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Wednesday newspaper round-up: British pubs, Thomas Cook, Lloyds Banking Group

By Michele Maatouk

Date: Wednesday 11 Dec 2019

Wednesday newspaper round-up: British pubs, Thomas Cook, Lloyds Banking Group

(Sharecast News) - The decline of the British pub may be at an end, according to official figures showing that the number of pubs has increased for the first time this decade. The UK ended March 2019 with 39,135 pubs, 320 more than a year earlier, according to the Office of National Statistics (ONS). It is the first net increase since 2010. The rise marked a dramatic turnaround compared with the previous nine years, during which the UK pub network declined by an average of 732 each year, comparable data showed. - Guardian
Tens of thousands of Thomas Cook customers waiting for refunds for holidays booked with the travel company have not been repaid on time after the body making the payments missed a self-imposed deadline. The world's oldest tour operator collapsed earlier this year after failing to secure emergency funding from banks, leaving about 150,000 British holidaymakers stranded abroad. - Guardian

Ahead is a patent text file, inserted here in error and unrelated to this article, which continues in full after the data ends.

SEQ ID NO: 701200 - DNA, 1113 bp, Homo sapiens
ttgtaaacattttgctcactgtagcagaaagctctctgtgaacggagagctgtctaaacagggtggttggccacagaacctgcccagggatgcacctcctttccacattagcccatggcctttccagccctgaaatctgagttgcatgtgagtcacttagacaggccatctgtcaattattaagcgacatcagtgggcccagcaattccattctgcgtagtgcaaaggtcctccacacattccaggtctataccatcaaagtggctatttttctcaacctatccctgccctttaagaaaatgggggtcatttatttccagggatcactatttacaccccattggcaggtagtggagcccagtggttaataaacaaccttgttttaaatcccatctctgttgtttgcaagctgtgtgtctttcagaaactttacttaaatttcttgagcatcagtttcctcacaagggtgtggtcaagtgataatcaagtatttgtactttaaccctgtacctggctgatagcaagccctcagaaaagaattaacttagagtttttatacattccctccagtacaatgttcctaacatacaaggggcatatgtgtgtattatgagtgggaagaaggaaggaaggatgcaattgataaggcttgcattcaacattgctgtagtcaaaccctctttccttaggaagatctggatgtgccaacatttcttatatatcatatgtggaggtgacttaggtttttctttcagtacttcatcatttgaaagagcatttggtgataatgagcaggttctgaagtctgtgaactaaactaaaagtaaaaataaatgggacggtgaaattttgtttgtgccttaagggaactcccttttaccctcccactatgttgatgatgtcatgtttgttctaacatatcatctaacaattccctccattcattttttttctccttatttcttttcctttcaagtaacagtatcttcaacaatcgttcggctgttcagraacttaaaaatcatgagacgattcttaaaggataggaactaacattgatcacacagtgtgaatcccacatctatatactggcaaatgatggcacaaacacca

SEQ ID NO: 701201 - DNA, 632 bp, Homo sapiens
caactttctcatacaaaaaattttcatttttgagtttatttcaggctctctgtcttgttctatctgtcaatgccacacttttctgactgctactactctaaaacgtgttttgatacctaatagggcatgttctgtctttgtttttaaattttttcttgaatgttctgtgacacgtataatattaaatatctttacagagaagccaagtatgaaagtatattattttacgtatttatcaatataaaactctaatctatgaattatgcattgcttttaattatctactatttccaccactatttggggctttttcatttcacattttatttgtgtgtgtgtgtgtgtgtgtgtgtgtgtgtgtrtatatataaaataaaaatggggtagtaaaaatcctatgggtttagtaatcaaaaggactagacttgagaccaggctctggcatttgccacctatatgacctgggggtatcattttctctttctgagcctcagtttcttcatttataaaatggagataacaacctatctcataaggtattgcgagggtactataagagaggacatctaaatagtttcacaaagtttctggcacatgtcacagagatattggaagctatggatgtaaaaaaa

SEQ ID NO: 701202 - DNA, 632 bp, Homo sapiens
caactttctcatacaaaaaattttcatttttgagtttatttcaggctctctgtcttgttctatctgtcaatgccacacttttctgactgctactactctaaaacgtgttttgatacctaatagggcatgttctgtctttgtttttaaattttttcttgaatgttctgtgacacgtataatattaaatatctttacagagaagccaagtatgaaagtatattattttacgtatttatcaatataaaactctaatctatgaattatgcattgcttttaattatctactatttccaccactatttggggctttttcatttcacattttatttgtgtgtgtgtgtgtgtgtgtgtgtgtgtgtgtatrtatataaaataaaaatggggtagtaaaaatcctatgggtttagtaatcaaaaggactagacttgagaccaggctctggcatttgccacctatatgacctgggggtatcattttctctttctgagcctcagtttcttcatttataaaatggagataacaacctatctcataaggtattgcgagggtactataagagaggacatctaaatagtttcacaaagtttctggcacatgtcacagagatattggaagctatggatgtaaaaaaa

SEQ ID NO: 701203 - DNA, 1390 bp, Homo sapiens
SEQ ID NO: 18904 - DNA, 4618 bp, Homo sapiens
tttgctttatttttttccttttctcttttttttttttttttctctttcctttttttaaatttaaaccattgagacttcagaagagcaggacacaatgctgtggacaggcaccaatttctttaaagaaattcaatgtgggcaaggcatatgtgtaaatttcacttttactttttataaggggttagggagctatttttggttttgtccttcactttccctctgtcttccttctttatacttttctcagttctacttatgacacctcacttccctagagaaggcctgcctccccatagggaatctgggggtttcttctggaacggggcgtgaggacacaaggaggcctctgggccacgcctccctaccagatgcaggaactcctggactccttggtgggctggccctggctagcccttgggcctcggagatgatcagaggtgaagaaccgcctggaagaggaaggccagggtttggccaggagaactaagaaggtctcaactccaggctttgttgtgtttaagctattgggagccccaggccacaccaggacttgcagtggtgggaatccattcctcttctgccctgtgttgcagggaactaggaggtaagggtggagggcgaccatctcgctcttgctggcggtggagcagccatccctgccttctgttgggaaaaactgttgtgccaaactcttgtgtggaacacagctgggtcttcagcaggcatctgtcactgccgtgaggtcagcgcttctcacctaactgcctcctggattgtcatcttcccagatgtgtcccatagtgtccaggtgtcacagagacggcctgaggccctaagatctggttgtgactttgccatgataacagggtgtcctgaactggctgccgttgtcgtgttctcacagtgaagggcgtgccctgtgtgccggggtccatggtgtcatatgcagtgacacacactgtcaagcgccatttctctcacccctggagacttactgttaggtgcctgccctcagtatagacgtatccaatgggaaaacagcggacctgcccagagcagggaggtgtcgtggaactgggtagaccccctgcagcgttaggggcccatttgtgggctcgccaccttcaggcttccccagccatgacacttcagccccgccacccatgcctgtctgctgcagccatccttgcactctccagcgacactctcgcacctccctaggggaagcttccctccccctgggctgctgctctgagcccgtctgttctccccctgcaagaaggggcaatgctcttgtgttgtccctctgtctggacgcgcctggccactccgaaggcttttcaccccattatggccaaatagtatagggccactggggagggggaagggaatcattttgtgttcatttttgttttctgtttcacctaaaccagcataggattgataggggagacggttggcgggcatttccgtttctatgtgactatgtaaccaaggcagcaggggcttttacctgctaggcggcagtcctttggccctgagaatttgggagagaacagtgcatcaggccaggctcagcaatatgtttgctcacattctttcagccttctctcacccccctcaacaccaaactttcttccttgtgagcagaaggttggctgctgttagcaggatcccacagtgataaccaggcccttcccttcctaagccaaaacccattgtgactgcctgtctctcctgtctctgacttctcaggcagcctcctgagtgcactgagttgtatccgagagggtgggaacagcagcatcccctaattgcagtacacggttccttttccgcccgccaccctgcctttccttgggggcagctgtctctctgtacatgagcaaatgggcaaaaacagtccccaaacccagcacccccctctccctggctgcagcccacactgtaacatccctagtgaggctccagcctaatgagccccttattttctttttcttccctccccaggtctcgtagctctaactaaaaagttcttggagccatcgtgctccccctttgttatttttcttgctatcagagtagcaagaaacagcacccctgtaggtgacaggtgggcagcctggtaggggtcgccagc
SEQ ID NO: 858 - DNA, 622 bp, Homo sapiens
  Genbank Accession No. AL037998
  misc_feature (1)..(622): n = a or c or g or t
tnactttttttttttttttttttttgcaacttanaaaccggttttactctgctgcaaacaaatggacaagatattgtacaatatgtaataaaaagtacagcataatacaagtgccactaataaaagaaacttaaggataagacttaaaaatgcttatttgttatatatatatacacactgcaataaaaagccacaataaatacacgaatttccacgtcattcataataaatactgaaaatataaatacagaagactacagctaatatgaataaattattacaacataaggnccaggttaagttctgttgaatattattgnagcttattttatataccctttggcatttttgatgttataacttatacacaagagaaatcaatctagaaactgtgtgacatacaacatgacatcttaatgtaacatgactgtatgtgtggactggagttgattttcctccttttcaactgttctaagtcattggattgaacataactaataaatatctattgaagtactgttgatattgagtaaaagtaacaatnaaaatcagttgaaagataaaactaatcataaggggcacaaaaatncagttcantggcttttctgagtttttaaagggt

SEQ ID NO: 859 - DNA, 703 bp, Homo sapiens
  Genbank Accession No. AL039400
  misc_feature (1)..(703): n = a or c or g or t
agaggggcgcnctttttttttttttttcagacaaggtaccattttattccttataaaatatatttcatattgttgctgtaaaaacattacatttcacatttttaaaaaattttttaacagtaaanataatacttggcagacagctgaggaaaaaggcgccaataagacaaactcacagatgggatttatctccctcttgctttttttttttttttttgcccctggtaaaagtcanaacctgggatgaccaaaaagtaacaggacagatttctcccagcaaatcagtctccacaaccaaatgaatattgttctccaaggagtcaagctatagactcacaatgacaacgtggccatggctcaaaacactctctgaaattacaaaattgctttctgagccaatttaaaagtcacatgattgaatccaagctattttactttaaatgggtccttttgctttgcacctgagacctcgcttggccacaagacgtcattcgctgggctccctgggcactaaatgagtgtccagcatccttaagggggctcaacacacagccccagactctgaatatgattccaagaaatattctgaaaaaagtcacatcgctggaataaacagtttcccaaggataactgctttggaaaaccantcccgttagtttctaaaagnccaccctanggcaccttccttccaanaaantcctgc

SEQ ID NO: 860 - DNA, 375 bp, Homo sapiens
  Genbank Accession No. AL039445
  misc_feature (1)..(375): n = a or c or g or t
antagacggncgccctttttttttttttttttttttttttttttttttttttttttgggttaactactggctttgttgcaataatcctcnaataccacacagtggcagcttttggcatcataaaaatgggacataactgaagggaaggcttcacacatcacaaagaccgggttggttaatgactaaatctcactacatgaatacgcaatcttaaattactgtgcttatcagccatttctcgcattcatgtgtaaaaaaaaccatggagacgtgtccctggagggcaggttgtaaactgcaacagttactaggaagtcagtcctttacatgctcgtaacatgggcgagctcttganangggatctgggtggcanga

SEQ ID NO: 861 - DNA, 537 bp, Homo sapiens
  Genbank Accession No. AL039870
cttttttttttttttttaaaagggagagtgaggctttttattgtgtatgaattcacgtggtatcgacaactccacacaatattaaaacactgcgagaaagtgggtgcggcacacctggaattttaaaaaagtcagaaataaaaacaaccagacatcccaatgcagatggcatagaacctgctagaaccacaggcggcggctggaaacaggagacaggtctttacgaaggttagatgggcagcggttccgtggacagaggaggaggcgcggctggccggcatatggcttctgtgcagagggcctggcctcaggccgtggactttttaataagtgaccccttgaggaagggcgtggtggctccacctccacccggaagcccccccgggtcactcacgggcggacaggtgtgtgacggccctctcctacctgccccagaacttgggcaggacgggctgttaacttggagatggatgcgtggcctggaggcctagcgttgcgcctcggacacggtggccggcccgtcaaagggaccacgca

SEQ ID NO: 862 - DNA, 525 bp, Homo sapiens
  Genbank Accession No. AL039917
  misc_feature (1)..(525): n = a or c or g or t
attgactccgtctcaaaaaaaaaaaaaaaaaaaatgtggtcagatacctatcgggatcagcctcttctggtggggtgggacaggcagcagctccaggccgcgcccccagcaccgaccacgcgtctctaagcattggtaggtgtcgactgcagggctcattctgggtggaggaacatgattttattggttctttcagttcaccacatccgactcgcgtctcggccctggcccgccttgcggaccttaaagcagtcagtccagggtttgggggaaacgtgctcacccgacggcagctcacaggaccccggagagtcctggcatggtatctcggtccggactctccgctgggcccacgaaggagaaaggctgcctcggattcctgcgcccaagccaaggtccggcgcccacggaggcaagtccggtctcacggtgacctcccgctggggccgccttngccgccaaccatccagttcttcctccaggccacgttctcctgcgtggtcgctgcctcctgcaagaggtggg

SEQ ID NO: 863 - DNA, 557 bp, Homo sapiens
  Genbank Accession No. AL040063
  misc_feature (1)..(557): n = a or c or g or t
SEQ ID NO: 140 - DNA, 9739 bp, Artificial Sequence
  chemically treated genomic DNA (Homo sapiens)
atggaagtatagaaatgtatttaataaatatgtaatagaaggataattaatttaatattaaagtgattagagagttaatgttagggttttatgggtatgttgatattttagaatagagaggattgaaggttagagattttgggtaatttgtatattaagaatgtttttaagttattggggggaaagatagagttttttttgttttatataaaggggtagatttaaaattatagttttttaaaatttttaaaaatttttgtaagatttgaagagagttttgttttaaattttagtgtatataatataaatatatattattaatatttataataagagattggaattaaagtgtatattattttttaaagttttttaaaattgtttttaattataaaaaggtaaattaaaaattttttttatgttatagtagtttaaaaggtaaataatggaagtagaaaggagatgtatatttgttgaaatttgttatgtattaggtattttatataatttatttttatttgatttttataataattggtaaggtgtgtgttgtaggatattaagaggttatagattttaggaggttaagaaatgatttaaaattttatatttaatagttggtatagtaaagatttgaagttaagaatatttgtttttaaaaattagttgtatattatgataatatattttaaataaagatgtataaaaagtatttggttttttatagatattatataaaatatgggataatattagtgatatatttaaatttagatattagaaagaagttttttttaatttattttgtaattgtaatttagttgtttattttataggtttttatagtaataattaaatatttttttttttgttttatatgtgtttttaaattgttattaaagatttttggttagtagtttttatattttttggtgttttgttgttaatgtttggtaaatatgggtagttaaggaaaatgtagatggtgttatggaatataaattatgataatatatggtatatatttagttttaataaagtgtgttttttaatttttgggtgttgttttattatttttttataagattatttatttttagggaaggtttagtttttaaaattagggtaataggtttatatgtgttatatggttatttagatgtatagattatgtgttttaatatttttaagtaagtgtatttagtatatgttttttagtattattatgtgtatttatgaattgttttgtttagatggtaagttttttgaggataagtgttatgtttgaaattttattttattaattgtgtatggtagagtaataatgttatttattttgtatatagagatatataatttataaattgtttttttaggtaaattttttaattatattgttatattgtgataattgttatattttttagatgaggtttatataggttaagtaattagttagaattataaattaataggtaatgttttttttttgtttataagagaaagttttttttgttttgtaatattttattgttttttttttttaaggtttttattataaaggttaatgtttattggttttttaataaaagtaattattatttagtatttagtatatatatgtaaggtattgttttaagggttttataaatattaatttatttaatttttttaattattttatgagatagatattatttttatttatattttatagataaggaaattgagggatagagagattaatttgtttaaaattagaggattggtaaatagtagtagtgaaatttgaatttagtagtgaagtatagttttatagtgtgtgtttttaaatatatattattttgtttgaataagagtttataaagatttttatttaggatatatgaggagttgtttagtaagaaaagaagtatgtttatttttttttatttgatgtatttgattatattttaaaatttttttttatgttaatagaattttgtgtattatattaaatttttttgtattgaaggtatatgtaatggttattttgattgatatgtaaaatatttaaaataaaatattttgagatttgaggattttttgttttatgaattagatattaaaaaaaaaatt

For investors it truly is the season to be jolly as they take stock after a stellar year. A miserable 2018 has been followed by a barnstorming 2019. Central bank stimulus and cooling trade tensions were top of the market's Christmas wish list last year. Neither Trump or Federal Reserve chairman Jerome Powell played Grinch in 2019. Instead they came with plenty of early Christmas gifts for investors, allowing global stocks to skyrocket despite the deteriorating economic picture. - Telegraph

Lloyds Banking Group has agreed to restart a compensation scheme it set up for victims of fraud after "serious shortcomings" were found. An independent review of recompense provided to small business owners who were damaged by the £1 billion HBOS scandal found that the scheme failed to deliver "fair and reasonable offers of compensation". - The Times

The system for settling global trade disputes is in disarray after pressure from President Trump led to the shutdown of the World Trade Organisation's top court. The incapacity of the court raises questions about the future of the WTO and will put further pressure on the established rules-based order for trade. Roberto Azevêdo, director-general of the Geneva-based regulator, said last night: "We now live in a moment of uncertainty with regard to disputes that are ongoing." - The Times

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